There's a Global Seismic Shift Underway

Trust is breaking and people are protesting against centralized power

Hello defiers! Today’s Defiant is a little different because I can’t not talk about what’s happening in Chile, my home country. I’ve been watching in horror and disbelief how angry mobs are tearing everything down –oddly, at the same time that my own home in NYC is upended as I’m in the middle of a move. Here are my thoughts on how what’s happening in Chile is linked to similar events across the world, and how it all relates to open finance.

Seismic Shift

Chile is used to the ground shaking. But another type of tectonic shift had been underway, layers grinding for years under a seemingly peaceful surface, until last weekend that pent up tension burst into massive, angry protests, stronger than any of the earthquakes that often hit the country.

It wasn’t an isolated event. Protests are erupting all across the globe. In the past few weeks, thousands have taken to the streets in Argentina, while in Ecuador the president had to move the government out of the capital, and in Haiti 30 protestors have died. And that’s just Latin America. People are also clamoring their demands from Hong Kong, to Beirut, to Barcelona.

There’s a common thread across most of these uprisings. People feel cheated by those in power who, through economic mismanagement and/or corruption, squander their chance to get ahead –even if they’ve done everything right. Trust in institutions is starting to break.

I’ve seen this break of trust clearly over the past few days in Chile. It all started with the “evade” movement in which people stopped paying for the subway after a fare increase. That provided the first crack: It suddenly became not only accepted, but encouraged to disobey authority.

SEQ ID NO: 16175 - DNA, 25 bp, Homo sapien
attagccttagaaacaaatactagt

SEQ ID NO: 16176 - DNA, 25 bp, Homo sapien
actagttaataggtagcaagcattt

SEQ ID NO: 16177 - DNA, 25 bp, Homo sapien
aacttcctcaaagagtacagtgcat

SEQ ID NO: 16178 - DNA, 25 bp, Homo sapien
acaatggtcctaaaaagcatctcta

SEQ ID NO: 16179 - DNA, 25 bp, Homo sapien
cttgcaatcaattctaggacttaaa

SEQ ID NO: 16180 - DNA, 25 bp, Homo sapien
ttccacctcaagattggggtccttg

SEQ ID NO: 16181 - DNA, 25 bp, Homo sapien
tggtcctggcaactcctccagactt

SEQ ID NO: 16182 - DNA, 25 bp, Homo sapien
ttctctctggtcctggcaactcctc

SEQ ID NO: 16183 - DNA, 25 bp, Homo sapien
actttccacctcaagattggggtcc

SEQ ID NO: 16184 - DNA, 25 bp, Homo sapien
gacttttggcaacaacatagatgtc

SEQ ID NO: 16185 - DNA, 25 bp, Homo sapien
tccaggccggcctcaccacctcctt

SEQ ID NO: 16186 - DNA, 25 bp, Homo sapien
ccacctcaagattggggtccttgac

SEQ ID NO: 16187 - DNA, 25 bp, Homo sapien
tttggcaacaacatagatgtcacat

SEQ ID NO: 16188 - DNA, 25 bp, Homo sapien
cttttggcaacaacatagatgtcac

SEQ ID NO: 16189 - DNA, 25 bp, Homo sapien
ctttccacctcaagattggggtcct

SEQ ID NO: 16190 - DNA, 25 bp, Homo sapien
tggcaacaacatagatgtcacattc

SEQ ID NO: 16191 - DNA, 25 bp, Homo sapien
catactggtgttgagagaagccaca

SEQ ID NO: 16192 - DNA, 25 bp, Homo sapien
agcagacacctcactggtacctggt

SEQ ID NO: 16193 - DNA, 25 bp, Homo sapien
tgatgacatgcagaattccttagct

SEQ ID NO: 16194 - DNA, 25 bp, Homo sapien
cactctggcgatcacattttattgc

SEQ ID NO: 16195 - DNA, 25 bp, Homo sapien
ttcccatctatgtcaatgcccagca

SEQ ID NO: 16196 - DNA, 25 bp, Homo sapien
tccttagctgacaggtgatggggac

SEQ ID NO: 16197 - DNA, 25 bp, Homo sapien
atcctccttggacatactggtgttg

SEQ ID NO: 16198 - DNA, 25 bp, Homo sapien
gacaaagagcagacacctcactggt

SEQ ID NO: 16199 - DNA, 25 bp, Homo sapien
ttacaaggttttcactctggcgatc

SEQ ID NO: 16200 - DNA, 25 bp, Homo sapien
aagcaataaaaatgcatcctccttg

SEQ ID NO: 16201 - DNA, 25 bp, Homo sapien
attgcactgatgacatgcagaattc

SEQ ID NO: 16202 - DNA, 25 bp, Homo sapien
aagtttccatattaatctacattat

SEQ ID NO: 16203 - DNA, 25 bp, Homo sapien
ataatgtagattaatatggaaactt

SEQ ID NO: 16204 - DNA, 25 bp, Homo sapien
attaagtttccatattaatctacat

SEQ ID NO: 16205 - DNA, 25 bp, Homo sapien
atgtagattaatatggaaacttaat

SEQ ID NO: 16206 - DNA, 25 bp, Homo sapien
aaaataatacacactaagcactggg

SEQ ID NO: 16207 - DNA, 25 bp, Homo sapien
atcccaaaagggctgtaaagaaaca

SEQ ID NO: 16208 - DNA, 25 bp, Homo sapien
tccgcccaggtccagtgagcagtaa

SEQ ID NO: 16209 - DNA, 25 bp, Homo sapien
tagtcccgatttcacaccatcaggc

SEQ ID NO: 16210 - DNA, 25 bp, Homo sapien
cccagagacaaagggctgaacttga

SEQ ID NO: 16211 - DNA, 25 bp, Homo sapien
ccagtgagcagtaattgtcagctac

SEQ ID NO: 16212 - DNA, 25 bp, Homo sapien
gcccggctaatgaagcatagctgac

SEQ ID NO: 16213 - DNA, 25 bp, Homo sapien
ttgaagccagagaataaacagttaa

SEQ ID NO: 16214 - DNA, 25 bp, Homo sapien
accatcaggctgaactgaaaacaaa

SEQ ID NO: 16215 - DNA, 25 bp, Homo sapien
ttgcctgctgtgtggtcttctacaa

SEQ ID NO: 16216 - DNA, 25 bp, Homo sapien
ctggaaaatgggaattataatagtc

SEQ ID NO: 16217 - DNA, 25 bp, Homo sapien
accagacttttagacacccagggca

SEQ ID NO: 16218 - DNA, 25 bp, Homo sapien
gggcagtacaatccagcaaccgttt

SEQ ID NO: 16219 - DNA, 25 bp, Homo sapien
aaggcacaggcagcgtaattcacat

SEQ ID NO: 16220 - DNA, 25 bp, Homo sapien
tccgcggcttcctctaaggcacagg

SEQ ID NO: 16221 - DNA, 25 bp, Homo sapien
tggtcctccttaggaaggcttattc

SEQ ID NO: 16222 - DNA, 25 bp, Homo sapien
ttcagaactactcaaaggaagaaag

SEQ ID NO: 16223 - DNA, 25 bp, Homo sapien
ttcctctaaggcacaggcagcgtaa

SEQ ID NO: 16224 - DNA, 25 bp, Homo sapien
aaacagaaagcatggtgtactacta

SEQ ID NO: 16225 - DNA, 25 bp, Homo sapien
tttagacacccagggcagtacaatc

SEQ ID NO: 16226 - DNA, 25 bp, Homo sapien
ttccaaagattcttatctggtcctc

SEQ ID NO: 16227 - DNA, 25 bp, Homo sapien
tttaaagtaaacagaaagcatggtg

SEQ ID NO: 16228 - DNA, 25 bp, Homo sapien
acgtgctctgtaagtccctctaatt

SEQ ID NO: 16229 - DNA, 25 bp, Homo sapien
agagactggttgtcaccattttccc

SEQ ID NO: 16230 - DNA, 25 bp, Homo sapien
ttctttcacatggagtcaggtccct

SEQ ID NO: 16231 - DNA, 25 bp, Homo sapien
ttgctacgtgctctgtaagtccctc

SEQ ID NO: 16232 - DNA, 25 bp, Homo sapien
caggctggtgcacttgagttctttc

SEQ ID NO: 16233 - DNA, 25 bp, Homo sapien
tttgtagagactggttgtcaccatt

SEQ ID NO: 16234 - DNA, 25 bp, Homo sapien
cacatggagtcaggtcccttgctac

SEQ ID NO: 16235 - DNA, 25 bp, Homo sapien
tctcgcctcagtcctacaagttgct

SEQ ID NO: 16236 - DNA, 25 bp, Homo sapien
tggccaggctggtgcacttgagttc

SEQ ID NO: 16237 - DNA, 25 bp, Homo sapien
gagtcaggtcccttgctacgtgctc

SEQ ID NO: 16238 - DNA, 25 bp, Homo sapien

Once that seeped in, people didn’t stop at jumping over subway barriers; they burned down the station. 20 subway stations across Chile went down in flames, and so did supermarkets and iconic buildings. The government imposed curfews and the military joined the police in trying to contain the unrest. 11 people have died.


A bus going up in flames amid protests in Santiago. Image source: AFP

That wasn’t supposed to be Chile. The long and narrow country has historically been a beacon of stability in the region; the boring, well-behaved neighbor where nothing ever happens. That this rage is blazing through one of the quietest countries in the Americas, may be a sign that there’s something wrong with very foundation upon where the country stands.

Not just in Chile, power has become entrenched among the same groups of people for too long. Those benefitting have strengthened their hold so that the gap is widening, and those left on the other side can’t make the leap.

It’s become clear change is needed. What’s unclear is how governments will face this overhaul, and if they even will.

In this world where centralized power is increasingly questioned after years of abuse, the tools that allow people to take back control, regardless of whether their governments take action, will flourish. Decentralized and open finance will be one of the key tools emerging in this seismic shift. And no deadly protest is needed to join.

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About the author: I’m Camila Russo, a financial journalist writing a book on Ethereum with Harper Collins. I was previously at Bloomberg News in New York, Madrid and Buenos Aires covering markets. I’ve extensively covered crypto and finance, and now I’m diving into DeFi, the intersection of the two.